More than four decades ago the CIA warned in a memorandum to then President Ronald Reagan that "the 5,633-km gas pipeline from Siberia to Germany is a direct threat to the future of Western Europe, it said, creating 'serious repercussions' from a dangerous reliance on Russian fuel."
The Reagan administration imposed sanctions to try to block the pipeline, a major Soviet initiative designed to carry huge amounts of fuel to America’s critical allies in Europe. But he swiftly faced stiff opposition — not just from the Kremlin and European nations eager for a cheap source of gas, but also from a powerful lobby close to home: oil and gas companies that stood to profit from access to Russia’s gargantuan gas reserves.
Those efforts, nearly a half-century ago, show how some of the world’s largest oil and gas companies played a critical role in opening up Russia’s reserves by opposing sanctions and advocating for business interests over national security, human rights or environmental concerns.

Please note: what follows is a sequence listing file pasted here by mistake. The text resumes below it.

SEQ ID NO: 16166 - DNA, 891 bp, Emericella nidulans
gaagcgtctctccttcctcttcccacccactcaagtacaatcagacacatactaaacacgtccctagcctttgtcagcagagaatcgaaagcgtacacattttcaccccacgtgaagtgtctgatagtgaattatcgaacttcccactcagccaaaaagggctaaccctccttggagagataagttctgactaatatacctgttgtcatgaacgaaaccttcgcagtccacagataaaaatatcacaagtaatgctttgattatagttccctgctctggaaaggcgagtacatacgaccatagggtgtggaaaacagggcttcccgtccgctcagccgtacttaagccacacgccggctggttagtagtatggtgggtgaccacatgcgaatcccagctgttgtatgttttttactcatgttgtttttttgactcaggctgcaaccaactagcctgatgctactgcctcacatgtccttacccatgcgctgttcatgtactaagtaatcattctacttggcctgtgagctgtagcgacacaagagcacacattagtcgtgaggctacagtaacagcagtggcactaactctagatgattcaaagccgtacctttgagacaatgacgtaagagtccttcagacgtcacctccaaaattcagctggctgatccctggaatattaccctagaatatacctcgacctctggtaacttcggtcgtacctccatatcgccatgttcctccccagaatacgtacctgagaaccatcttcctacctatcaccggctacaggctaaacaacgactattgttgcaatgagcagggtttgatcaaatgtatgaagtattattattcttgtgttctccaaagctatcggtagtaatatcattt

Today, Europe’s reliance on Russia’s gas has put European nations in a compromised position: They continue to purchase Russian energy, transferring enormous sums of money to Moscow, which fund a Russian invasion that they denounce.
Not only this ... because Reagan failed to bring European allies behind his sanctions regime, the foundation was set for a large and systematic buildout of Russia's gas pipeline network, including such transboundary pipelines like Yamal, Nord Stream 1 and 2, Turkstream, Brotherhood, et al. All such initiatives have made it more difficult for the EU to develop a credible strategy against climate change. Indeed, Europe's eagerness to embrace Russian pipelines has effectively committed the continent to a reliance on gas that not only continues today, but remains difficult to unravel even in a moment of global unity against Russian aggression.
Before Russia’s attack on Ukraine last month, Germany relied on Russia for 55 percent of its gas; the rest of the EU for approximately 40 percent.